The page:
SK: To me, I guess it’s very similar to that lifeforce that I was talking about that animates everything. Water can mean so many different things. It can mean washing away the past. Water reminds me that nothing is permanent. And that you don’t have to keep holding onto things in the past. Water just washes through and cleanses everything, cleans everything. It brings life. It can be gentle or powerful. I was at a waterfall, Cumberland falls. And it’s crazy how there can be a part of the river that’s rushing so fast and then suddenly it just gets so slow and gentle. And then it can go fast again.
GP: Yes. There’s so much symbolism. It’s very rich. What are some other symbols, imagery or motifs that you keep returning to in your work?
SK: I pay attention to the symbols that appear in my life the most. The symbolism of the three materials of blood, oil, and water is something that I return to kind of often. That kind of goes back to the lifeforce thing again. Blood is the life force that flows through us. Water is the life force that flows through a lot of nature. And oil is, I mean, it’s our economy and basically our society is built around oil in a lot of ways. But physically, it is the compressed lifeforce of all that has come before us. That’s the only reason oil is there is because all these plants and animals died and got buried under the ground and compressed and that’s just the old energy of the earth.
GP: I do not often think of oil in that way. That’s wild.
SK: Yeah, that’s why it’s interesting, because we’re literally using up all the previous life force that was on this planet. The amount we have is limited because there’s only so much history that this planet has. I mean, that’s what coal is. It’s the plant material broken down. It’s locked in there. It’s like the energy of the sun has been locked into these substances like oil and coal and stuff and buried underground.
GP: You know a lot about nature. What did you study in school?
SK: I studied product design. And I also studied environmental studies.
GP: Do any themes around conservation or preservation factor into your artwork or into your artistic practice?
SK: I would say no, not conservation or preservation like that. Because to me, conservation and preservation implies that we should leave nature alone. Like, we’re meant to be separate from nature and leave it alone somehow. But to me, I feel like we’re meant to be a part of nature. And we’re meant to be the stewards of nature, the ones cultivating it. And we can have a mutually beneficial relationship with nature. So, you know, maybe some people do relate to the idea of conservation and preservation. Even “sustainability” isn’t enough for me right now because sustainability implies just staying at a constant. So, I’m at a point where I want my practice to be regenerative in some ways.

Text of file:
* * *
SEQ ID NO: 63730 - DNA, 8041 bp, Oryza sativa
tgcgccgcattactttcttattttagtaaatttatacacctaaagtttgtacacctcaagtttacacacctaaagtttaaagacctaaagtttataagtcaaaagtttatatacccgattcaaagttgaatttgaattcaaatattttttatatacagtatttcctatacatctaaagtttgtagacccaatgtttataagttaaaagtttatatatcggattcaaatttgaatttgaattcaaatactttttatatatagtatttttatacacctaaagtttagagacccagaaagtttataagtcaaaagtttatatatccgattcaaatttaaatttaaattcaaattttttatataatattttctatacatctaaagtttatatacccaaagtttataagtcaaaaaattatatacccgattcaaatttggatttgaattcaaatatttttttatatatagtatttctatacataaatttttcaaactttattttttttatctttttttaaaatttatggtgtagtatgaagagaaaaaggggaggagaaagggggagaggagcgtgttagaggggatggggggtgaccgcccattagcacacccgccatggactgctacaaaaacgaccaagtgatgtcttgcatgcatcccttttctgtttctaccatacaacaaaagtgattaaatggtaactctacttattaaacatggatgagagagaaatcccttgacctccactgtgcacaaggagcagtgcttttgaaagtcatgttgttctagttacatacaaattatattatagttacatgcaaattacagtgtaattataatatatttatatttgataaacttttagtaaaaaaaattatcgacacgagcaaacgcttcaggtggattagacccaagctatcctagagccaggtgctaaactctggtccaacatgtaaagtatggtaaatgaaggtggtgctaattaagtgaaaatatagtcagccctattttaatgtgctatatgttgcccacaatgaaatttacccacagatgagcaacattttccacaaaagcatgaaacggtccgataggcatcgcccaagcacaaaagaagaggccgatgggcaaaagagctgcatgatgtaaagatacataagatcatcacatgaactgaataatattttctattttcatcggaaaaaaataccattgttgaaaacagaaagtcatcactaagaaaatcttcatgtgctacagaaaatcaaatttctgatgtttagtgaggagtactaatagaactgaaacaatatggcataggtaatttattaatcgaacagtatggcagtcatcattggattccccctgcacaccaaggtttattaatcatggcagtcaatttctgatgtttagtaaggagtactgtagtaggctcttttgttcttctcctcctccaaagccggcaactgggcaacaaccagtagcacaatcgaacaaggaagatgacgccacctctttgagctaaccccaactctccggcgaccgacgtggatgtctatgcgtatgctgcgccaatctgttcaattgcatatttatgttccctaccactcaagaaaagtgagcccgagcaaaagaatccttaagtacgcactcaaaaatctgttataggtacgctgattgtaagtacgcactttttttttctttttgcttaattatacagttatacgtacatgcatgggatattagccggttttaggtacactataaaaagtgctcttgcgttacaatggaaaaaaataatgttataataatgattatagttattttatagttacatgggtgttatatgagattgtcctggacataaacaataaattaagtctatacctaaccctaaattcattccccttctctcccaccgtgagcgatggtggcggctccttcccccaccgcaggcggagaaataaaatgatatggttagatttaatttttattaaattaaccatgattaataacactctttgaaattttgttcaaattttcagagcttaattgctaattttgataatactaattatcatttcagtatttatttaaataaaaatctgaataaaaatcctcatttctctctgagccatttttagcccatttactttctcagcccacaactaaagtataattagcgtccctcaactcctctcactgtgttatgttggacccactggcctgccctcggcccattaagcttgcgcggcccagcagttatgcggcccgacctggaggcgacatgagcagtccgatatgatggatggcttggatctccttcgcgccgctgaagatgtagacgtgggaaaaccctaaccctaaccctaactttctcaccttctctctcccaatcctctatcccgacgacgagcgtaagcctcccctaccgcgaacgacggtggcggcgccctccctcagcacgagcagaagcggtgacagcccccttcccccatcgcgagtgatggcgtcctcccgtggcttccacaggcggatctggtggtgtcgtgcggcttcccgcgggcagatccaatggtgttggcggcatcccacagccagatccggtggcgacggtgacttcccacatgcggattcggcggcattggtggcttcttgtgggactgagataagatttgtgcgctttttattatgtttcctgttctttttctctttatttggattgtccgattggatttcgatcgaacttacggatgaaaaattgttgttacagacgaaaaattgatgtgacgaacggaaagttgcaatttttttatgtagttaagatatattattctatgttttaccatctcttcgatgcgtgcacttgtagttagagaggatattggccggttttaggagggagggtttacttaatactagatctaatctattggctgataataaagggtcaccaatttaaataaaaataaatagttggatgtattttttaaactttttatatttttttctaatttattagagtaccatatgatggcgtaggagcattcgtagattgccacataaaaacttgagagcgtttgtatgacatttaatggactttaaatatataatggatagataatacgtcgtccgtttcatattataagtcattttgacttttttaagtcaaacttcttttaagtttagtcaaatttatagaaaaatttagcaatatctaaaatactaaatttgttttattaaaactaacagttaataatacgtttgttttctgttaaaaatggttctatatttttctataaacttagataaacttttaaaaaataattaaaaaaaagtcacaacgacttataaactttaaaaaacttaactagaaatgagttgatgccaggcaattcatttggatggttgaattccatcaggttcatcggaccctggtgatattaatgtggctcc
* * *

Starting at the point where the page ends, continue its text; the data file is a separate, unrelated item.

GP: And what is it about that word that speaks to you more than these other words?
SK: It’s something that’s harder to relate to art than it is to relate to something like agriculture, you know? But for example, painting is one part of my practice, but I would say the more communal part of my practice is sewing. And with my sewing, I use only secondhand materials. And so, to me, that’s regenerative, because I’m giving things life that would have otherwise gone to the landfill. Creating abundance out of what would have been nothing. Which is what nature does, you know? It creates abundance out of nothing. Environmental sustainability, to me, is important. It’s something held in the back of my mind. But I also see that we really, really need to regenerate the bonds between people. That is what I believe in. You can focus on material things and the environment. But if people are suffering, and there’s no bond between them, it’s going to be a lot harder to get there. I love creating spaces where people can come together and learn. And I think that has to do with repairing the bonds between us or forming better bonds between us. So, I see “regeneration” as the regeneration of community as well.